FIG. 8A illustrates a top sectional view of a third embodiment of the invention in an unexpanded position.

FIG. 8B illustrates a top sectional view of the invention of FIG. 8A in a partially expanded position.

FIG. 8C illustrates a top sectional view of the invention of FIG. 8A in a fully expanded position.

BEST MODES OF CARRYING OUT THE INVENTION

Referring to attached FIGS. 1 to 4, an expandable cannula 15 is provided. Cannula 15 is preferably formed from a continuous extrusion of polymeric material with the wall thickness of the polymeric extrusion varying around the circumference of the cannula so as to provide longitudinally extending hinges formed between each of a plurality of generally planar longitudinally extending wall sections. As such, cannula 15 is formed by a plurality of generally planar longitudinally extending wall sections which are pivotally joined together, (and folded one over another), along their lengths to enclose a cannulated passageway 60.

In an exemplary aspect, cannula 15 has sixteen generally planar wall sections, (being wall sections 20, 21, 22, 23, 30, 31, 32, 33, 40, 41, 42, 43, 50, 51, 52, and 53), which are pivotally joined together as shown. It is to be understood that more or less than the presently illustrated sixteen side walls can be used in the present system, keeping within the scope of the present invention.

When initially inserted into the patient, cannula 15 is folded together to have a compact polygonal shape, (for example, the octagonal shape as is shown in FIGS. 1A and 2A). Continuing with the present example, when folded together, eight outer wall sections 20, 21, 30, 31, 48, 41, 50 and 51 will define an outer surface of cannula 15.

After insertion into the patient, cannula 15 is then expanded, (as shown in FIGS. 3 and 4) with wall sections 20, 21, 22, 23, 30, 31, 32, 33, 40, 41, 42, 43, 50, 51, 52, and 53 unfolding to define a continuous outer surface which encloses the central longitudinally extending passageway 60 therethrough.

In this aspect of the invention, a plurality of longitudinally extending hinges are formed between each of the adjacent wall sections. (For clarity, only hinges 24, 34, 44 and 54 are numbered). Hinges, (including hinges 24, 34, 44 and 54), may preferably be formed by reducing the wall thickness of the polymer extrusion along these locations such any bending occurs along the longitudinally extending hinges, with the wall sections spanning between the hinges remaining generally planar. Being thicker than the hinges, the wall sections will thus tend to remain planar, (or to remain slightly curved), such that the cannula can initially be folded together before it is expanded.

FIG. 5 illustrates the expansion of cannula 15 from a “folded up” to an “unfolded” state, as follows. Cannula 15 is initially folded together in an octagonal shape (as illustrated by portion 15A of cannula 15). The insertion of an obturator 150 into the longitudinally extending passageway 60 of cannula portion 15A is used to pry open cannula 15 to the final fully expanded state (as illustrated by portion 15B of cannula 15).

As can be seen, cannula portion 15A corresponds to the unexpanded position of the cannula as shown in FIG. 2A and cannula portion 15B corresponds to the expanded position of the cannula as shown in FIG. 4.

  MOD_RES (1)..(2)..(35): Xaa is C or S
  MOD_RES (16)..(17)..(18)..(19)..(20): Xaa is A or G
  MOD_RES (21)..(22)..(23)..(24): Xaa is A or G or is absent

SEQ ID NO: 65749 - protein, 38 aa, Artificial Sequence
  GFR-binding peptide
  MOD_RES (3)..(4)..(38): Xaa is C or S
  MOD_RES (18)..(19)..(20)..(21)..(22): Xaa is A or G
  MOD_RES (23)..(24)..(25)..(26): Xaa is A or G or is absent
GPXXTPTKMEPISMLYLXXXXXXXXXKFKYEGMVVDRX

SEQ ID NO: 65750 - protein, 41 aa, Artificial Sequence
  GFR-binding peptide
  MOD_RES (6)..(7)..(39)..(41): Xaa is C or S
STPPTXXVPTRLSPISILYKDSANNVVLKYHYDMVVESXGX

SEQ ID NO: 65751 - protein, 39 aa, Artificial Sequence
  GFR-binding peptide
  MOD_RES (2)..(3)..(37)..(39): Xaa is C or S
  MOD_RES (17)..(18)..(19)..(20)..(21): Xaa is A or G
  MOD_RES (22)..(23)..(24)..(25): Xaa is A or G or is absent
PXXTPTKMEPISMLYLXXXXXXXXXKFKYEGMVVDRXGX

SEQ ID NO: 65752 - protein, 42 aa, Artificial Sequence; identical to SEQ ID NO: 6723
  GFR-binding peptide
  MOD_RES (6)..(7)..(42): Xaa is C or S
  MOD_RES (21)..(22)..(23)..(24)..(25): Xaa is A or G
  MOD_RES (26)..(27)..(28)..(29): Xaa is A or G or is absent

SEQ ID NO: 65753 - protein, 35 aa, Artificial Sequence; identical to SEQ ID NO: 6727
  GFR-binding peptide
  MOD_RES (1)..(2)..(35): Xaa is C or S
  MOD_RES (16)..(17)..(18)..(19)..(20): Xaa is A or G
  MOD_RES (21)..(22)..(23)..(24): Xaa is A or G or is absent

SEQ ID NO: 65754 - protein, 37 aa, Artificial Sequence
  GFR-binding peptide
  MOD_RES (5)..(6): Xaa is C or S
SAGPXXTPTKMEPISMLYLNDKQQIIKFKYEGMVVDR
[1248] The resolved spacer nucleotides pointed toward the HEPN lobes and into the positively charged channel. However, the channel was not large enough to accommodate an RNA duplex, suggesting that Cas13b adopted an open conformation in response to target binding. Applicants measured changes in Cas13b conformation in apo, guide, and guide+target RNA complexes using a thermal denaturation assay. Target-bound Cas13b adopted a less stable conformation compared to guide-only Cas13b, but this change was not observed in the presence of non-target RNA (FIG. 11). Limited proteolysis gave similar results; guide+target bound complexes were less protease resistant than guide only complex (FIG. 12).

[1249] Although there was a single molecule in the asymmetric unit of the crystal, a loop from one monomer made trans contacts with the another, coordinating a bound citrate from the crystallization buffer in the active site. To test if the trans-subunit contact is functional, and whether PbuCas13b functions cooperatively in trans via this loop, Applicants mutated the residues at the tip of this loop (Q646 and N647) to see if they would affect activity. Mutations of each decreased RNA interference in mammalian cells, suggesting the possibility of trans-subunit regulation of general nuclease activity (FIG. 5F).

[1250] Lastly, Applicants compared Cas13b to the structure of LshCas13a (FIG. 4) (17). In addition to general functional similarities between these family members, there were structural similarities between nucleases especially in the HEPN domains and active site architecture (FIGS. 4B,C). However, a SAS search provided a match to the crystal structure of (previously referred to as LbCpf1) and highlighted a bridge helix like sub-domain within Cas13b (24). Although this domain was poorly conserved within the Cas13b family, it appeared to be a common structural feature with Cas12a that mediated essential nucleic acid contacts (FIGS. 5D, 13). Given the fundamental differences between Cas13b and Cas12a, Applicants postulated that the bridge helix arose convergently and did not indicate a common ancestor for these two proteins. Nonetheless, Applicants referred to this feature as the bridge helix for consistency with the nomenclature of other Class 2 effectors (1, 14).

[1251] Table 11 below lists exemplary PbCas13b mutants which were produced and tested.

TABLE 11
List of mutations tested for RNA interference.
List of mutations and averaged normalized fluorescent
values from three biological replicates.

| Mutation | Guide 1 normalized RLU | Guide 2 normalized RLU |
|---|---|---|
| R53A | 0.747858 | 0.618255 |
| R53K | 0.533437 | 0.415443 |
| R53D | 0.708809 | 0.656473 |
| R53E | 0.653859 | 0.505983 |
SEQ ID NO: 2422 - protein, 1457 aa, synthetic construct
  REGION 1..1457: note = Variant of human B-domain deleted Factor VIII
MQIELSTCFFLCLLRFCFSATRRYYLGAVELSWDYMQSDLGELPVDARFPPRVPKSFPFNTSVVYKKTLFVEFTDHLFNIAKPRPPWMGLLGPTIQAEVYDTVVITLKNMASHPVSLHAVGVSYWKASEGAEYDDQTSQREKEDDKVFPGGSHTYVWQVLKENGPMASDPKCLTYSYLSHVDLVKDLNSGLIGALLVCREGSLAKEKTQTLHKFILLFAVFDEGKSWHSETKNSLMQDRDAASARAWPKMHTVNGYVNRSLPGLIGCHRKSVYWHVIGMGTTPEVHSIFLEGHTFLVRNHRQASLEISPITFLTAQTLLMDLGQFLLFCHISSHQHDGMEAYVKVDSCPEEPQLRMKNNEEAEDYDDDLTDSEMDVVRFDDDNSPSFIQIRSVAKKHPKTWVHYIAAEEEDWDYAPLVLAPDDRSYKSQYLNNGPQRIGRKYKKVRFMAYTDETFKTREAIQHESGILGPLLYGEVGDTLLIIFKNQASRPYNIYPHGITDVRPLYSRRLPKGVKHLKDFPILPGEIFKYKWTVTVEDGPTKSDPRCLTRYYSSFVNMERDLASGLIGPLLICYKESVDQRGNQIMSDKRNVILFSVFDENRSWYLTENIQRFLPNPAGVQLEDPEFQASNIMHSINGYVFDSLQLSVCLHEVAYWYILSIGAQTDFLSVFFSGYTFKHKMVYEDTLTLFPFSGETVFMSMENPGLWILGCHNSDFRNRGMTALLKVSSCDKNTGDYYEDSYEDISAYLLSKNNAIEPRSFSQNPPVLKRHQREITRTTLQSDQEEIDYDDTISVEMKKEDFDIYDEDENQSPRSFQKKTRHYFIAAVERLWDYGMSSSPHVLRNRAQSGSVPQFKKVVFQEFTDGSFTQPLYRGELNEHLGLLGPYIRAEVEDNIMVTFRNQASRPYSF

As obturator 150 is inserted through passageway 60, its diameter D1, (which is larger that the width W1 of cannula 15 is its initial folded up state (15A), will cause cannula 15 to expand to a final fully expanded state (15B), having a width W2. As such, obturator 150 is preferably dimensioned as a cylinder having a diameter D1 being greater than minimum diameter width W1 of folded up cannula portion 15A and less than maximum diameter W2 of the fully expanded cannula portion 15B.

Subsequent to expansion of cannula 15 to the state illustrated by cannula portion 15B, obturator 150 may then be withdrawn from central passageway 60 such that an enlarged passageway is created having a larger cross sectional area from that of folded up cannula portion 15A.

As cannula 15 expands from the unexpanded rectangular shape shown in FIGS. 1A and 2A to the fully expanded shape shown in FIGS. 3 and 4, hinges 24, 34, 44 and 54 will move in directions D, as shown by the intermediate position of FIGS. 1B and 2B, such that cannula 15 unfolds.

Obturator 150 preferably has an optional narrow end 152 which has a diameter D2 sufficiently narrow to access passageway 60 when the cannula is unexpanded in the “folded up” state shown as cannula portion 15A. (i.e.: diameter D2 is less than width W1).

Modification and variation of the present invention can be accomplished without departing from the scope of the invention. For example, various numbers of wall sections may be used for any of the cannula embodiments set forth herein. In addition, the wall sections may be generally planar or slightly curved. Moreover, the obturator used to open the cannula need not be cylindrical in shape. Rather, other shapes of the obturator can be used, provided only that the obturator is sufficiently narrow to be received within the narrow folded state of the cannula and sufficiently wide to cause the cannula to unfold as it is inserted. Other systems such as a long balloon (not shown) received within passageway 60 can be inflated to “open” cannula 15 from its initial folded up state to a fully expanded (larger diameter) state.

In additional aspects of the invention, obturator 150 may be received within a tubular sleeve (not shown), and the tubular sleeve may preferably be left behind within cannula 15 to hold cannula 15 in a fully open and unfolded orientation after obturator 150 has been removed. In this aspect of the invention, the tubular sleeve is received over obturator 150, and within cannula 15, and will remain in place to provide a cannulated access after obturator 150 has been removed.